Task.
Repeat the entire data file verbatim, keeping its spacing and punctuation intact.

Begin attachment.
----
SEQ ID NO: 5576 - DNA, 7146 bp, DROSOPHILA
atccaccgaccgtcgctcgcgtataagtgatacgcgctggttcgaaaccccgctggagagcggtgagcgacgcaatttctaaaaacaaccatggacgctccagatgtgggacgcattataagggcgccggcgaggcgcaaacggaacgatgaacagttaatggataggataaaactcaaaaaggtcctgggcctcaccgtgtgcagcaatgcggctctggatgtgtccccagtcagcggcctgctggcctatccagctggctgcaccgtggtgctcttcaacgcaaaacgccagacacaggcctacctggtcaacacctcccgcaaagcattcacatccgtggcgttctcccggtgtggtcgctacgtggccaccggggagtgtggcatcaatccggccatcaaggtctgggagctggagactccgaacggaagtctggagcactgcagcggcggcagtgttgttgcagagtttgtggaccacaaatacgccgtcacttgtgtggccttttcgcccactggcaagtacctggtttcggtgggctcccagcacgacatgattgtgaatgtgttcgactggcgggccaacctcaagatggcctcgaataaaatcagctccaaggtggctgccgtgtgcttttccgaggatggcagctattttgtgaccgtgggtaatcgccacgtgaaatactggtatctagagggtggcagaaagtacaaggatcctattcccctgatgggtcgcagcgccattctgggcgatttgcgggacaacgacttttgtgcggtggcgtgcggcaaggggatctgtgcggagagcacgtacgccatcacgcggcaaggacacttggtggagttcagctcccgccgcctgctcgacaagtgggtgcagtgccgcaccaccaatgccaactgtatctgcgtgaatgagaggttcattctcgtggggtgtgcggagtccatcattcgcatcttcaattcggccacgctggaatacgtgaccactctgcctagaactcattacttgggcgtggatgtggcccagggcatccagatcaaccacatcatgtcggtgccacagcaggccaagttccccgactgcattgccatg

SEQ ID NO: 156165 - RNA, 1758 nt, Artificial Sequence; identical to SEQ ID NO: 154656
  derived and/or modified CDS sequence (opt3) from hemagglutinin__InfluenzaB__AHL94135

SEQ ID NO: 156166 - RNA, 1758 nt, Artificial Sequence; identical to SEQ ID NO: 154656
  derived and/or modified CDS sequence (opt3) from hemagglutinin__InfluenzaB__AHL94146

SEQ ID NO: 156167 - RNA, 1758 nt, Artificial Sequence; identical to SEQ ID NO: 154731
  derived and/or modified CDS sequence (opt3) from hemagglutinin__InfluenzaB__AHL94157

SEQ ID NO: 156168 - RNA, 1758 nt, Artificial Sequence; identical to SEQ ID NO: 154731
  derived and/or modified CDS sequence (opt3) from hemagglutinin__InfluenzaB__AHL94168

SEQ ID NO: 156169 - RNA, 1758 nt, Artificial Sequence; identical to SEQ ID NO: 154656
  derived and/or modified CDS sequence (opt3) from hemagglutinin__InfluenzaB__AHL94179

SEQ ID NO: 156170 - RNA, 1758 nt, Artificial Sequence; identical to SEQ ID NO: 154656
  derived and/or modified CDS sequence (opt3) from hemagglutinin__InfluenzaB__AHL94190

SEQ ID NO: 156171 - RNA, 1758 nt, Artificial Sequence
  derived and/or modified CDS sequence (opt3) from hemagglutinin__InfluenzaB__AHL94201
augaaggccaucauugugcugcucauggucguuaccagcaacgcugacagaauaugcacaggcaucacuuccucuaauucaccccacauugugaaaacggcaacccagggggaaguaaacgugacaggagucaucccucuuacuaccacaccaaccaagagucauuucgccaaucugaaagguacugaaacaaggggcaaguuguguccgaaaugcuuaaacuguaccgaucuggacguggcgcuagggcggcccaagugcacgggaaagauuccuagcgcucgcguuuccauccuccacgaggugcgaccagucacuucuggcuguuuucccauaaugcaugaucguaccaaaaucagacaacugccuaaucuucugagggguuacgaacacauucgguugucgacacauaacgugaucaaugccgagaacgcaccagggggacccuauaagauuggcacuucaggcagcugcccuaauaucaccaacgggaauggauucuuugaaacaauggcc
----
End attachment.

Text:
SEQ ID NO: 5576 - DNA, 7146 bp, DROSOPHILA
atccaccgaccgtcgctcgcgtataagtgatacgcgctggttcgaaaccccgctggagagcggtgagcgacgcaatttctaaaaacaaccatggacgctccagatgtgggacgcattataagggcgccggcgaggcgcaaacggaacgatgaacagttaatggataggataaaactcaaaaaggtcctgggcctcaccgtgtgcagcaatgcggctctggatgtgtccccagtcagcggcctgctggcctatccagctggctgcaccgtggtgctcttcaacgcaaaacgccagacacaggcctacctggtcaacacctcccgcaaagcattcacatccgtggcgttctcccggtgtggtcgctacgtggccaccggggagtgtggcatcaatccggccatcaaggtctgggagctggagactccgaacggaagtctggagcactgcagcggcggcagtgttgttgcagagtttgtggaccacaaatacgccgtcacttgtgtggccttttcgcccactggcaagtacctggtttcggtgggctcccagcacgacatgattgtgaatgtgttcgactggcgggccaacctcaagatggcctcgaataaaatcagctccaaggtggctgccgtgtgcttttccgaggatggcagctattttgtgaccgtgggtaatcgccacgtgaaatactggtatctagagggtggcagaaagtacaaggatcctattcccctgatgggtcgcagcgccattctgggcgatttgcgggacaacgacttttgtgcggtggcgtgcggcaaggggatctgtgcggagagcacgtacgccatcacgcggcaaggacacttggtggagttcagctcccgccgcctgctcgacaagtgggtgcagtgccgcaccaccaatgccaactgtatctgcgtgaatgagaggttcattctcgtggggtgtgcggagtccatcattcgcatcttcaattcggccacgctggaatacgtgaccactctgcctagaactcattacttgggcgtggatgtggcccagggcatccagatcaaccacatcatgtcggtgccacagcaggccaagttccccgactgcattgccatg

SEQ ID NO: 156165 - RNA, 1758 nt, Artificial Sequence; identical to SEQ ID NO: 154656
  derived and/or modified CDS sequence (opt3) from hemagglutinin__InfluenzaB__AHL94135

SEQ ID NO: 156166 - RNA, 1758 nt, Artificial Sequence; identical to SEQ ID NO: 154656
  derived and/or modified CDS sequence (opt3) from hemagglutinin__InfluenzaB__AHL94146

SEQ ID NO: 156167 - RNA, 1758 nt, Artificial Sequence; identical to SEQ ID NO: 154731
  derived and/or modified CDS sequence (opt3) from hemagglutinin__InfluenzaB__AHL94157

SEQ ID NO: 156168 - RNA, 1758 nt, Artificial Sequence; identical to SEQ ID NO: 154731
  derived and/or modified CDS sequence (opt3) from hemagglutinin__InfluenzaB__AHL94168

SEQ ID NO: 156169 - RNA, 1758 nt, Artificial Sequence; identical to SEQ ID NO: 154656
  derived and/or modified CDS sequence (opt3) from hemagglutinin__InfluenzaB__AHL94179

SEQ ID NO: 156170 - RNA, 1758 nt, Artificial Sequence; identical to SEQ ID NO: 154656
  derived and/or modified CDS sequence (opt3) from hemagglutinin__InfluenzaB__AHL94190

SEQ ID NO: 156171 - RNA, 1758 nt, Artificial Sequence
  derived and/or modified CDS sequence (opt3) from hemagglutinin__InfluenzaB__AHL94201
augaaggccaucauugugcugcucauggucguuaccagcaacgcugacagaauaugcacaggcaucacuuccucuaauucaccccacauugugaaaacggcaacccagggggaaguaaacgugacaggagucaucccucuuacuaccacaccaaccaagagucauuucgccaaucugaaagguacugaaacaaggggcaaguuguguccgaaaugcuuaaacuguaccgaucuggacguggcgcuagggcggcccaagugcacgggaaagauuccuagcgcucgcguuuccauccuccacgaggugcgaccagucacuucuggcuguuuucccauaaugcaugaucguaccaaaaucagacaacugccuaaucuucugagggguuacgaacacauucgguugucgacacauaacgugaucaaugccgagaacgcaccagggggacccuauaagauuggcacuucaggcagcugcccuaauaucaccaacgggaauggauucuuugaaacaauggcc